All about chocolate
Bean variety and origin: Most chocolate is made from a blend of cocoa beans from all over the world. Forastero, the base bean of most blends, is grown in Africa, Brazil, and Asia; it makes up 90 percent of the world's cocoa supply. Now, however, some premium chocolates specify bean variety and origin. Two prestigious tree and bean varieties: Criollo, a prized bean from South and Central America and Southeast Asia; and Trinitario (a hybrid of Criollo and Forastero), originally from Trinidad but now grown in other regions too, such as Venezuela, Ecuador, and Colombia.
Percentage of cacao: Indicates the amount of cocoa mass (or chocolate liquor) plus cocoa butter (the natural fat in the cocoa bean). The cocoa mass itself is naturally made up of about half cocoa butter and half dry cocoa solids, but since the ratio varies among beans, two brands labeled 70 percent cacao may not have the same percentage of cocoa butter. One factor that is consistent, however, is that most of the remaining content is sugar, so the higher the cacao percentage, the less sugar in the chocolate.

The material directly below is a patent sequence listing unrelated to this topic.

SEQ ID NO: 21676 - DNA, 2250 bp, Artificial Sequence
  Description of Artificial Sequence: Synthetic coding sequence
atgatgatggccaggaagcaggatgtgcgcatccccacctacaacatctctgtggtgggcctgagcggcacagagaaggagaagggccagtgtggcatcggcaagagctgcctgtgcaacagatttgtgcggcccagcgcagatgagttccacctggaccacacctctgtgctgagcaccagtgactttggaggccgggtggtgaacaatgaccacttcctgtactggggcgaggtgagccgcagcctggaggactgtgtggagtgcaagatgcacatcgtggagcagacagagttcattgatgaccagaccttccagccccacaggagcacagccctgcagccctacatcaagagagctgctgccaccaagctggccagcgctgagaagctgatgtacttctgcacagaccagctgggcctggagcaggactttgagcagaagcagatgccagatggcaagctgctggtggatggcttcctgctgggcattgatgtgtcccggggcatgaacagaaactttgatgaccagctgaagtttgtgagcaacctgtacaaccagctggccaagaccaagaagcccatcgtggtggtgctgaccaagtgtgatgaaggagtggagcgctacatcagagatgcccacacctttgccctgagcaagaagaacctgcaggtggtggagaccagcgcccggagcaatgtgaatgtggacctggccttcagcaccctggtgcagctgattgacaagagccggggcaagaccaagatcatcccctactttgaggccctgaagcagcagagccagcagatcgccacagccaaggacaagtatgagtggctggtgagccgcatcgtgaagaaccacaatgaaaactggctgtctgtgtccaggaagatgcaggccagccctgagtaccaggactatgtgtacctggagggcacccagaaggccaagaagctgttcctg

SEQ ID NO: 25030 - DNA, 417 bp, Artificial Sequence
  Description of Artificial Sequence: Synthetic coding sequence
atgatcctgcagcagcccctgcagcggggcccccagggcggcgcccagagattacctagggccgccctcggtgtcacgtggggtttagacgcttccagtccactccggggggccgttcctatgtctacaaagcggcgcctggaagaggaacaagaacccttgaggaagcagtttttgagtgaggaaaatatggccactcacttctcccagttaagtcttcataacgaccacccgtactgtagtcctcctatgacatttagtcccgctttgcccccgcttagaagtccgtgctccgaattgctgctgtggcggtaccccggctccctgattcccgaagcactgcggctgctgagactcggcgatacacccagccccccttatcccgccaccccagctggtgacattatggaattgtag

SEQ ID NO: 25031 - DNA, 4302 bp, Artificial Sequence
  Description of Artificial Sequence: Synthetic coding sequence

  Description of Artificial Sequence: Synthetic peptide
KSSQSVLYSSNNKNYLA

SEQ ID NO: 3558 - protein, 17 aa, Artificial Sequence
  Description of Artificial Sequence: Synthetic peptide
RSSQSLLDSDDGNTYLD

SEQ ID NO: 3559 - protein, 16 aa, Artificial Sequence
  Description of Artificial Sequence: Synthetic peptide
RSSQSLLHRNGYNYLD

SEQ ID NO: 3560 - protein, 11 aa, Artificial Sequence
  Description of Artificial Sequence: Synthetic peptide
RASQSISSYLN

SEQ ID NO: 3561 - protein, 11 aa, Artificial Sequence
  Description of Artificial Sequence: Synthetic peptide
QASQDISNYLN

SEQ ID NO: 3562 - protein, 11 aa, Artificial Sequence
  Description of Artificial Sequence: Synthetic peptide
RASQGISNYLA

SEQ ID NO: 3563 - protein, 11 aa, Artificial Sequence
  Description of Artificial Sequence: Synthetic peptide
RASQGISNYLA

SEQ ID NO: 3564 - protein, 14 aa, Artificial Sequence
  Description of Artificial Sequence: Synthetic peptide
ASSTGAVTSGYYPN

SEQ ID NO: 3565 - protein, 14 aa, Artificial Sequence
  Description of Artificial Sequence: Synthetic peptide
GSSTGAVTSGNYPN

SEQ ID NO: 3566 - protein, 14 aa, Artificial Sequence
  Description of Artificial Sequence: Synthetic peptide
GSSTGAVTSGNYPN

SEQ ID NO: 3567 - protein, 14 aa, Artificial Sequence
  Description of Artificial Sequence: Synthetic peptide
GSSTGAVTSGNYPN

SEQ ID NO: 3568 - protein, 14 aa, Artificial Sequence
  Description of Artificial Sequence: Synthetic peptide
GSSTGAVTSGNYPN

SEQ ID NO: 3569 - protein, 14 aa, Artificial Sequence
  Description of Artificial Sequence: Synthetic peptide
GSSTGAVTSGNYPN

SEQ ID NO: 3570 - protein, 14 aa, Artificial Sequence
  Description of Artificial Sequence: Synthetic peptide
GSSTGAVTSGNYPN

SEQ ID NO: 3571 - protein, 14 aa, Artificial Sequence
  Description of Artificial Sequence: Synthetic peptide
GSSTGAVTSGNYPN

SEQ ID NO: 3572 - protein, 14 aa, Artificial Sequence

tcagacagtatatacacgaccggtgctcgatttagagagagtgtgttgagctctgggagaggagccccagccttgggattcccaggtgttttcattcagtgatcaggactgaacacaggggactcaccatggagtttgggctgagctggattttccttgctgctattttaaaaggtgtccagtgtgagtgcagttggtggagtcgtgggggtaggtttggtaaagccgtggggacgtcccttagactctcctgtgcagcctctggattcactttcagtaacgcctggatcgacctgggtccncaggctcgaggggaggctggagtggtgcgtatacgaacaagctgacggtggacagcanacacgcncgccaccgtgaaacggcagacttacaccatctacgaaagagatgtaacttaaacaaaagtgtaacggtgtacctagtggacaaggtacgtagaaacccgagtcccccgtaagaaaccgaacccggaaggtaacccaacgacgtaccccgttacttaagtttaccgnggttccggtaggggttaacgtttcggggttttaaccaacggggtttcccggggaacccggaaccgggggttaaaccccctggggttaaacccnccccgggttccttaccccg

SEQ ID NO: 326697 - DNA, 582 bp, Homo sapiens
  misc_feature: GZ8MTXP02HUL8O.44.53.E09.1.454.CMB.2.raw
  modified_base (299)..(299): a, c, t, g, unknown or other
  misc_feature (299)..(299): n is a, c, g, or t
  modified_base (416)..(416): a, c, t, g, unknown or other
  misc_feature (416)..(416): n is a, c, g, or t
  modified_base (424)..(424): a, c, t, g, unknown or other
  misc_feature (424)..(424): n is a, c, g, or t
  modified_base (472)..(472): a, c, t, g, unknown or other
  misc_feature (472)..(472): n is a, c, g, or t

Bittersweet chocolate: Often called dark chocolate. Bittersweet chocolate must contain at least 35 percent chocolate liquor, and many brands now far exceed that. These chocolates (mostly in the 60- to 75-percent range) have intense flavor and, as the name implies, are not very sweet.
Semisweet chocolate: Often labeled dark, sweet chocolate. FDA identification standards don't distinguish between bittersweet and semisweet chocolate, but generally semisweet is slightly sweeter and has a little less intense chocolate flavor.Browse hundreds more recipes at MyRecipes.com »